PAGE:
The Federal Trade Commission pressured two merging companies into making concessions to protect competition in a market that doesn't even currently exist, alleged Commissioner Joshua Wright, who penned a stinging dissent to the agency's consent decree with media researchers Nielsen Holdings N.V. and Arbitron Inc.
Nielsen, represented by Paul, Weiss, Rifkind, Wharton & Garrison partner Aidan Synnott, and Arbitron, which tapped Roxann Henry of Morrison & Foerster, agreed to divest and license assets and intellectual property to win FTC approval for their $1.26 billion combination, the agency announced September 20.
But Wright, a Republican, said the concessions were inappropriate, citing "the absence of answers to key questions that are necessary to draw reliable conclusions about the merger’s likely competitive effects."
The FTC's concerns centered around the development of ways for advertisers and media companies to measure audiences across platforms, such as television, personal computers, smartphones and tablets, and to provide individual-level demographic data.
Such a service does not currently exist, but demand for it is increasing rapidly, the FTC said. Both Nielsen and Arbitron are working on systems. "Other firms working to develop cross-platform audience measurement services are not as well positioned to compete with Nielsen and Arbitron," according to the FTC, since the two companies already measure television and radio audiences.
"The elimination of future competition between Nielsen and Arbitron would likely cause U.S. customers to pay higher prices for national syndicated cross-platform audience measurement services and result in less innovation for cross platform measurement services," the FTC found. As a remedy, the FTC required Nielsen to sell and license, for at least eight years, certain assets related to Arbitron’s cross-platform audience measurement services to an FTC-approved buyer within three months.
Wright's problem is with the notion of future competition. The FTC "challenges the proposed transaction based upon what must be acknowledged as a novel theory—that is, that the merger will substantially lessen competition in a market that does not today exist," he wrote. "When the Commission’s antitrust analysis comes unmoored from such fact-based inquiry, tethered tightly to robust economic theory, there is a more significant risk that non-economic considerations, intuition, and policy preferences influence the outcome of cases."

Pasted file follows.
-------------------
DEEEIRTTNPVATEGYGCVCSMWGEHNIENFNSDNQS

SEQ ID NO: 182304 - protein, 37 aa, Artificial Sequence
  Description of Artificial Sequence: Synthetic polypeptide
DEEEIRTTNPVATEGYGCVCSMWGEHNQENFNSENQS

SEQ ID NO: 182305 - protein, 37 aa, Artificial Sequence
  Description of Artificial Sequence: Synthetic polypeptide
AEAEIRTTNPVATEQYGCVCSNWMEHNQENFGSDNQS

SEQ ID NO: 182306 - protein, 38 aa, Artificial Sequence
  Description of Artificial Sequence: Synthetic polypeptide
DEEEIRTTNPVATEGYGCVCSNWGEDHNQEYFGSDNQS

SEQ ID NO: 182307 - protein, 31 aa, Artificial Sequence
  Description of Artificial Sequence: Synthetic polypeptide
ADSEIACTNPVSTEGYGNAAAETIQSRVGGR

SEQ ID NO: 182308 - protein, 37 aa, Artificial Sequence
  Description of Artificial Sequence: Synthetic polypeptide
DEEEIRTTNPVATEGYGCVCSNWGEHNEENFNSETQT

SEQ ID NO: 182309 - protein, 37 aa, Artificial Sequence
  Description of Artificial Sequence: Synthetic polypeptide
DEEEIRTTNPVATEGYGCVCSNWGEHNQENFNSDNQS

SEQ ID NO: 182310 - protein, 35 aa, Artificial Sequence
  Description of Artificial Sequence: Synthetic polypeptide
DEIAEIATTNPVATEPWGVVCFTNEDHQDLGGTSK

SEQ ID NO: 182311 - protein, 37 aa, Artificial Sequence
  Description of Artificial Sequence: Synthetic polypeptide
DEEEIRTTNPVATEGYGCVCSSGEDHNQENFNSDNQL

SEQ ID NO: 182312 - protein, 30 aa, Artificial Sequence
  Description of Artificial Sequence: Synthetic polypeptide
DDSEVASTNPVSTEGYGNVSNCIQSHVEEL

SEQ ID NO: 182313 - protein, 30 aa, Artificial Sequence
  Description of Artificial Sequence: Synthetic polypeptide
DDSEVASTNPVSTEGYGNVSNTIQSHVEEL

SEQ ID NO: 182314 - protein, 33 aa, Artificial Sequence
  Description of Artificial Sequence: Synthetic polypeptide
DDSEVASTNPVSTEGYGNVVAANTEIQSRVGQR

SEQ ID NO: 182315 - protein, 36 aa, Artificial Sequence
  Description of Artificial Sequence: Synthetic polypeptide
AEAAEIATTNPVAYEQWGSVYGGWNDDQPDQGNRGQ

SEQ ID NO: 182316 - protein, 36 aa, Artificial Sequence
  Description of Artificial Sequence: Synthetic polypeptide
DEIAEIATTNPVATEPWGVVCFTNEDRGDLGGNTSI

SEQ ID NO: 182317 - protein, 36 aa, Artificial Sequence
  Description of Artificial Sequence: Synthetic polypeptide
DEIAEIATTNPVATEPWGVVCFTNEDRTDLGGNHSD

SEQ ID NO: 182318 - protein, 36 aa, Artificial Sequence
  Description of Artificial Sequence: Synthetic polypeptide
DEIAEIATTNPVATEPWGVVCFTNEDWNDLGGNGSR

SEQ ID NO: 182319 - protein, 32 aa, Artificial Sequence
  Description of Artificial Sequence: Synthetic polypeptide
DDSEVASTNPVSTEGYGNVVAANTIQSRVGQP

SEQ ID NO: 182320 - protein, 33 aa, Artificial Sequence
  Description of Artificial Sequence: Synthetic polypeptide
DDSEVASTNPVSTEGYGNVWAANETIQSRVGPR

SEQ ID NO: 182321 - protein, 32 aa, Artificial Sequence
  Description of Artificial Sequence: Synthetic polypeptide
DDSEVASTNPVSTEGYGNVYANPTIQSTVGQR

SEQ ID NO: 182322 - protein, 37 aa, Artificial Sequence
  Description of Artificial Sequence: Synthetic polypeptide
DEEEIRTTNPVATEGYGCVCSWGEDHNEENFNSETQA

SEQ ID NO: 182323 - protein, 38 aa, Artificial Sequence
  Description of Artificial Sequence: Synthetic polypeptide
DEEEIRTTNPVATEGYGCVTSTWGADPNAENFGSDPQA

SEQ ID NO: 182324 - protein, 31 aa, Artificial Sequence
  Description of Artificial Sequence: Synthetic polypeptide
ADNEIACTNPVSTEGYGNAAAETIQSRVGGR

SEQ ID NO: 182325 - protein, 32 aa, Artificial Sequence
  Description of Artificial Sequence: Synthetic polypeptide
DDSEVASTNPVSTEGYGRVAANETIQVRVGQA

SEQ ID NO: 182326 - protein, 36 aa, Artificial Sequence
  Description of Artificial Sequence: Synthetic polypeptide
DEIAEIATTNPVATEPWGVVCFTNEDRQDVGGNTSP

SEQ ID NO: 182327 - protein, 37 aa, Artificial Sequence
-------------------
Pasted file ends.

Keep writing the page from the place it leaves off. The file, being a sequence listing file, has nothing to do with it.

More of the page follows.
He also speculated why Nielsen and Arbitron agreed to the conditions "despite the lack of evidence."
"The Commission’s ability to obtain concessions...reflects the weighing by the parties of the private costs and private benefits of delaying the transaction and potentially litigating the merger against the private costs and private benefits of acquiescing to the proposed terms," he wrote. "Indeed, one can imagine that where, as here, the alleged relevant product market is small relative to the overall deal size, the parties would be happy to agree to concessions that cost very little and finally permit the deal to close."
To Wright, a former professor at George Mason University School of Law who in January replaced Commissioner J. Thomas Rosch, that's bad public policy. "Entering into such agreements subtly, and in my view harmfully, shifts the Commission’s mission from that of antitrust enforcer to a much broader mandate of 'fixing' a variety of perceived economic welfare-reducing arrangements," he wrote. "Because there is no judicial approval of Commission settlements, it is especially important that the Commission take care to ensure its consents are in the public interest."
The FTC vote to accept the consent agreement was 2 to 1, with Republican Commissioner Maureen Ohlhausen recused.